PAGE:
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Leominster Enterprise Park

4.30 pm

Bill Wiggin (North Herefordshire) (Con): In July 2006, I was full of optimism as I stood on site at Leominster enterprise park when construction began. The park presented the opportunity to boost the local economy in Leominster, attract business and offer employment, three crucial targets needed by the town. At the time, I said:

“We have the greatest people, as well as the infrastructure in place, so we are all looking forward with hope and excitement to seeing a vibrant and successful business environment too.”

Eight years later, I have felt the need to call for this important debate because Leominster enterprise park has not delivered on its targets, yet I believe it still has that potential.

There are a number of reasons for that failure, including the direction taken by the owners of the park—first Advantage West Midlands, and now PxP and the Homes and Communities Agency—lack of investment in the park to attract new firms and a poor internet connection, compounded by the fact that the owners will not invest in fibre-optic broadband.

Fastershire, the project in Herefordshire to roll out fibre-optic broadband, aims by 2018 to deliver broadband speeds of 24 megabits per second and above for all who need it. However, I was shocked to learn that Fastershire is not coming to Leominster enterprise park. According to Fastershire, the park does not meet the necessary requirements. BT’s next-generation access team said:

“The cabinet has too few premises connected to it, rendering it too small to provide a return on the investment based on the costs of construction and ongoing running costs of providing a new fibre to the cabinet service”.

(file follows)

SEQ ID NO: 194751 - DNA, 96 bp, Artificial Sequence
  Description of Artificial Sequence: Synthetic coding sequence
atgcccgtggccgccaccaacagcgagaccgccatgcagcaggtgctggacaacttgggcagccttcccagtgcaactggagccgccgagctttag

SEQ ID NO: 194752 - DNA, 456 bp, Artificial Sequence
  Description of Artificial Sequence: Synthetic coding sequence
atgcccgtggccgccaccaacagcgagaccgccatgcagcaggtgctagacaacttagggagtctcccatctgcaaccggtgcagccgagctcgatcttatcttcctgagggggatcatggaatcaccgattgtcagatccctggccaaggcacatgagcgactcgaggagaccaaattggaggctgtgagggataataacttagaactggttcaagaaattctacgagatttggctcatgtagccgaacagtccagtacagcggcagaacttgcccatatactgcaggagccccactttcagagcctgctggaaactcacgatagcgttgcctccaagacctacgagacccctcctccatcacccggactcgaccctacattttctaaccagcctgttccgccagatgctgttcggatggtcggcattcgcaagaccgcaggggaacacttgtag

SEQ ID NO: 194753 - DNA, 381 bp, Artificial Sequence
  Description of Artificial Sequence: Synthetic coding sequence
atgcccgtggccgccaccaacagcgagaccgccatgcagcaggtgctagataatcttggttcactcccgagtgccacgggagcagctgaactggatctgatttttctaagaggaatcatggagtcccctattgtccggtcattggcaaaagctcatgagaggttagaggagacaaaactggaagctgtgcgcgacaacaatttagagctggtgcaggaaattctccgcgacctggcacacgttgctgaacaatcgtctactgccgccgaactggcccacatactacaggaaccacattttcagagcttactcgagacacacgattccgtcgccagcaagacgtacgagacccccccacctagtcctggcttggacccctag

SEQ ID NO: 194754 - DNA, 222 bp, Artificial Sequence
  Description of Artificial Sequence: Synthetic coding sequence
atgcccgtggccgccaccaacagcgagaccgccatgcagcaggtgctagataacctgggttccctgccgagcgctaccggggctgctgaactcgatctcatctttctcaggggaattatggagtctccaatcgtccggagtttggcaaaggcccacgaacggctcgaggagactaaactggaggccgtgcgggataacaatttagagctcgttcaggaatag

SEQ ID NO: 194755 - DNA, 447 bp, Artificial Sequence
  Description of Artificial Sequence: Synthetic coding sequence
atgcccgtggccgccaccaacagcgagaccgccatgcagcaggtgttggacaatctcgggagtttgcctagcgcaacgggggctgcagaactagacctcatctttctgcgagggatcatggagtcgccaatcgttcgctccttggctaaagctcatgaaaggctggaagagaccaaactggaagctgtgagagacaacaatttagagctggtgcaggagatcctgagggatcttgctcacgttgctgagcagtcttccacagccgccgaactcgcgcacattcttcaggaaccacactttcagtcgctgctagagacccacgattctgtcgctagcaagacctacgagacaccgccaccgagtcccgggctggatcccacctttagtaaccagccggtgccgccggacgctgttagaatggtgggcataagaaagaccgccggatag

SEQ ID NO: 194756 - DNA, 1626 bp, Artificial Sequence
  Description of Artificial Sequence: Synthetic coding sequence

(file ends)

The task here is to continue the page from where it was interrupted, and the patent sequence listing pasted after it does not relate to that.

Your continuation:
The best that BT can offer businesses on the park is the option to upgrade to fibre optic at a cost of £30,000. PxP and the Homes and Communities Agency have not offered any help. BT’s offer has been reduced to £23,500, but PxP still refuses to get involved.

As I am sure the Minister will know, businesses, particularly in rural locations, need fast and efficient internet access to compete in current markets. I heard this week of a company on the park whose internet connection is so poor that it is virtually impossible to run online sales demonstrations. The company is now considering taking matters into its own hands to improve its connection speeds, as others have done, but it can only try options that it can afford.

One firm has dualled two lines to receive double the connection speed, but that option comes with all the costs of a second line, additional hardware and the dualling itself. A second firm pays extra for EFM, or Ethernet in the first mile. EFM uses existing copper wires instead of fibre to connect to a local exchange and offers access speeds ranging from 2 to 35 Mbps. It has been confirmed to me that the park’s connection is mostly 4 to 5 Mbps, and it is claimed that businesses on the industrial estate situated opposite the enterprise park have double that speed.

PxP and the Homes and Communities Agency, as owners of the park, should be doing far more to attract business. Businesses will not be attracted to the site if it has a poorer internet connection than the rest of the town where it is sited. We could end up in the ludicrous

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situation of a commercial enterprise park having a 4 to 5 Mbps connection while fibre-connected areas of Leominster could theoretically have speeds up to 76 Mbps, or more than 300 Mbps where properties choose to pay for a direct connection to the cabinet, as some businesses will. That is totally inappropriate for an enterprise park.

PxP is a public-private property and development joint venture company between Langtree Group and the Homes and Communities Agency. Langtree invested £15 million of equity in the business, and the Government invested £15 million of equity and committed a £45 million secured loan. The Homes and Communities Agency claims that as PxP is not a public agency but a private business, all business decisions taken by the board must be founded on good commercial practices and cannot subsidise the private sector. HCA goes on to say that

“due to the recession and running costs of the business, the equity in the business has been substantially eroded and therefore the partners have suffered a substantial loss. PxP are now endeavouring to operate commercially to try and recover both the Government’s and Langtree’s investment.”

How? By doing nothing, keeping its fingers crossed and hoping for a miracle?